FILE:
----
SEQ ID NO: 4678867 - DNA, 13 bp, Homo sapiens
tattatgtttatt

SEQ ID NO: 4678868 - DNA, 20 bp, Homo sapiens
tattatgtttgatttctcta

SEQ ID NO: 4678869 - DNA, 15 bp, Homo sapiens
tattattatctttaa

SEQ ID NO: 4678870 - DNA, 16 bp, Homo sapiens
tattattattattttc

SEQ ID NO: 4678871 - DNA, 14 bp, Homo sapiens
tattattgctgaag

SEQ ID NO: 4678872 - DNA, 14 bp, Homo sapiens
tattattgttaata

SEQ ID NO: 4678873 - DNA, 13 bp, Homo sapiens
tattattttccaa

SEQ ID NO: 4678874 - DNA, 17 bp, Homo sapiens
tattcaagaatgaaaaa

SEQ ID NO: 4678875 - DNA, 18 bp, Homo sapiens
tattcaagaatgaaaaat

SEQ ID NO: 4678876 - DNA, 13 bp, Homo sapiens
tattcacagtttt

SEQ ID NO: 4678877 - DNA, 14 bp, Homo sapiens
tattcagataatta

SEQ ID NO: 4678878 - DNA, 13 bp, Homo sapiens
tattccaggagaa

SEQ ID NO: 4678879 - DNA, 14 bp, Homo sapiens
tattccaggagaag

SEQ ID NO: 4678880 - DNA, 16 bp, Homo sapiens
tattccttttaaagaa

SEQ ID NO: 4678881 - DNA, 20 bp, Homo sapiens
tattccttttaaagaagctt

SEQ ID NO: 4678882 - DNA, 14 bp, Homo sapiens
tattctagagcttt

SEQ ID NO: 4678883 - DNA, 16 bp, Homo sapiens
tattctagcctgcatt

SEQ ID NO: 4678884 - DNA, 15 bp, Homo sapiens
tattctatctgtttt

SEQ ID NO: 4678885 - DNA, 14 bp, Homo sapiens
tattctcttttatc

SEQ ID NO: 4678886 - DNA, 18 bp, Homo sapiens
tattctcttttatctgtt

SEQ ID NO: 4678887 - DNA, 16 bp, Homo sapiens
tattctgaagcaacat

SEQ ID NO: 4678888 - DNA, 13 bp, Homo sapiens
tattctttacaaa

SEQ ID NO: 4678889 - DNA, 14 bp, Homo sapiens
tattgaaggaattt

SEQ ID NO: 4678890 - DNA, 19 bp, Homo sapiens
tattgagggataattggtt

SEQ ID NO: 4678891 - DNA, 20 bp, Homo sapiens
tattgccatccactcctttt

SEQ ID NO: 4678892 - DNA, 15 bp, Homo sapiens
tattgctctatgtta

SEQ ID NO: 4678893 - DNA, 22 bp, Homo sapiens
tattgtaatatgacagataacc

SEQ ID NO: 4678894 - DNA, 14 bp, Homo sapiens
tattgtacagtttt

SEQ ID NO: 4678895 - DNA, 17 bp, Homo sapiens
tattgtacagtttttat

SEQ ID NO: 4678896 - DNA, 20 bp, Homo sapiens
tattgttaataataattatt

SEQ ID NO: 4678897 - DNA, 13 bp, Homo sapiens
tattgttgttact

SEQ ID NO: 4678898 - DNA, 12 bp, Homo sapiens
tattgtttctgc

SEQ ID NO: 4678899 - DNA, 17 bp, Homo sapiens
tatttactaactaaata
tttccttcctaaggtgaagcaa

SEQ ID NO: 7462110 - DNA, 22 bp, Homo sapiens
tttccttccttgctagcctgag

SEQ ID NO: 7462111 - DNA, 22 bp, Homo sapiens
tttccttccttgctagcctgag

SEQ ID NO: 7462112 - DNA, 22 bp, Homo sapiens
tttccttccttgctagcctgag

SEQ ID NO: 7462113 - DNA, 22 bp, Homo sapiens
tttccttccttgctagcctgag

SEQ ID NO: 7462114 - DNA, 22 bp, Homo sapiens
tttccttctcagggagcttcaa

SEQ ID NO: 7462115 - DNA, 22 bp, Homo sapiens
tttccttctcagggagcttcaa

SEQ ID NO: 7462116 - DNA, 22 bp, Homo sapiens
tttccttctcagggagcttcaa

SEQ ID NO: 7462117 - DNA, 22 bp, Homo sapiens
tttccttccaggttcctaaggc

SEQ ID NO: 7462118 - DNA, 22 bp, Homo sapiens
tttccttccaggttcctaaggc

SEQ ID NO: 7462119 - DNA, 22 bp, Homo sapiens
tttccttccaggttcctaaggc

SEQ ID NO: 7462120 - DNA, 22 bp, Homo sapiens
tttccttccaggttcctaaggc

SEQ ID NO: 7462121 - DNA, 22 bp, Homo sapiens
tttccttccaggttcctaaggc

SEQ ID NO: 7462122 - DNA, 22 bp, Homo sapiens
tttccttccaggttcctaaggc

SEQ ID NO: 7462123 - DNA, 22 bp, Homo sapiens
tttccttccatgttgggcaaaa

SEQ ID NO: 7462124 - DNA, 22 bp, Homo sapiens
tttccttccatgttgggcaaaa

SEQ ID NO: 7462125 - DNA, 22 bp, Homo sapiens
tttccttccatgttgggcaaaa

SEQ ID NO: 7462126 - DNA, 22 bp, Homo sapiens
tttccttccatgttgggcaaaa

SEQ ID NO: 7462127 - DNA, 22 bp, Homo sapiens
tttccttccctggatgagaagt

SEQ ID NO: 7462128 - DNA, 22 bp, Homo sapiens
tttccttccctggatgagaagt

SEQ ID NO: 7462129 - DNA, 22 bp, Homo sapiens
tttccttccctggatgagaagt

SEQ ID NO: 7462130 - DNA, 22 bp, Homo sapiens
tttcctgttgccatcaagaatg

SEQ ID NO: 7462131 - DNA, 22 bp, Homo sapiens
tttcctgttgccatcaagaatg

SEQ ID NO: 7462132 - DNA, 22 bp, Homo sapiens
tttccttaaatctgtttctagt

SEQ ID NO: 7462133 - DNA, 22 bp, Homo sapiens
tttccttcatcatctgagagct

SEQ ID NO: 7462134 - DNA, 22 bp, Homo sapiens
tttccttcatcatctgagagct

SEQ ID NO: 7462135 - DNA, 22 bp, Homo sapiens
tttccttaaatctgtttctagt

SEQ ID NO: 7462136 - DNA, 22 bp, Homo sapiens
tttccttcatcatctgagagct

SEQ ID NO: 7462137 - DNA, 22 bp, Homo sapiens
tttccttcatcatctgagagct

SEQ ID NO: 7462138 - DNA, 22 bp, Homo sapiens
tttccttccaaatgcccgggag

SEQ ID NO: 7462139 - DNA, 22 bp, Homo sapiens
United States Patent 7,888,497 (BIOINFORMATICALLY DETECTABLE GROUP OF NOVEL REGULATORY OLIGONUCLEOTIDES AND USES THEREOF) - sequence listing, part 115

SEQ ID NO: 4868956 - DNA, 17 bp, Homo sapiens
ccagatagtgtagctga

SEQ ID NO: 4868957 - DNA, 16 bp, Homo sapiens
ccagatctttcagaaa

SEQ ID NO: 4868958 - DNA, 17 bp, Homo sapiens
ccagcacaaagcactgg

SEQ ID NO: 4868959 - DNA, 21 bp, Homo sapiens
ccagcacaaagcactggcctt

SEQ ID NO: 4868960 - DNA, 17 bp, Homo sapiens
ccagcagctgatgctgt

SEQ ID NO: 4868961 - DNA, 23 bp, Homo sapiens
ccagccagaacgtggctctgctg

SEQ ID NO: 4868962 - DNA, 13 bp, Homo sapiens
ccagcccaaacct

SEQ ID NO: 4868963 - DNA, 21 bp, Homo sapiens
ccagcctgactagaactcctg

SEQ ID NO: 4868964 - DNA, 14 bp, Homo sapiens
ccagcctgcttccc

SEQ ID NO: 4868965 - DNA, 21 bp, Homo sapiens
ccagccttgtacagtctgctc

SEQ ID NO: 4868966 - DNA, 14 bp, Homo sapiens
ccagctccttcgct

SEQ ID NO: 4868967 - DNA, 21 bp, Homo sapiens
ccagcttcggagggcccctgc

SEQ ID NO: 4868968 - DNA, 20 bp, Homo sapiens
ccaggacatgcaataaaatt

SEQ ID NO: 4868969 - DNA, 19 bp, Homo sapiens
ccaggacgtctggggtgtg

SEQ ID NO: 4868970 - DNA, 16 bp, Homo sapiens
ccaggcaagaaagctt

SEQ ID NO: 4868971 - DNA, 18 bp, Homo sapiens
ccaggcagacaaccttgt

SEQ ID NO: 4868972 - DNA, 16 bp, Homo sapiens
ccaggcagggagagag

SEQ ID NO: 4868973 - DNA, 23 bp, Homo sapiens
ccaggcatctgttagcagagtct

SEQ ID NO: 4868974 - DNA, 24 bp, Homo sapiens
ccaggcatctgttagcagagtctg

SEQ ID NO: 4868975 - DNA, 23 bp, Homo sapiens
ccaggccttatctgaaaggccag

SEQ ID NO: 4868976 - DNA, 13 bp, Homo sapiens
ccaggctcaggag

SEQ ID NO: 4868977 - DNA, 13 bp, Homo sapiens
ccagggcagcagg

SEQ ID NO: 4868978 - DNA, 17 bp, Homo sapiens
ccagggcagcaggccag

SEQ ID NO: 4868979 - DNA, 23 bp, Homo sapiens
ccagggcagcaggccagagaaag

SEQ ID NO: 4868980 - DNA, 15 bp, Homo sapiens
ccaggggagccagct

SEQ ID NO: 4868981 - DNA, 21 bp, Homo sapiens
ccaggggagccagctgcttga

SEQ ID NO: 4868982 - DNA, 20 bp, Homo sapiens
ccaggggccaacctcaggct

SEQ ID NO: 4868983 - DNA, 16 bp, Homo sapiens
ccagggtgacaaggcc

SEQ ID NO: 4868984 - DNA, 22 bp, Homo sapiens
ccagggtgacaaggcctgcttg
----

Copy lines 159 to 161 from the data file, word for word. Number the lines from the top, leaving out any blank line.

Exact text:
ccaggcagacaaccttgt

SEQ ID NO: 4868972 - DNA, 16 bp, Homo sapiens
ccaggcagggagagag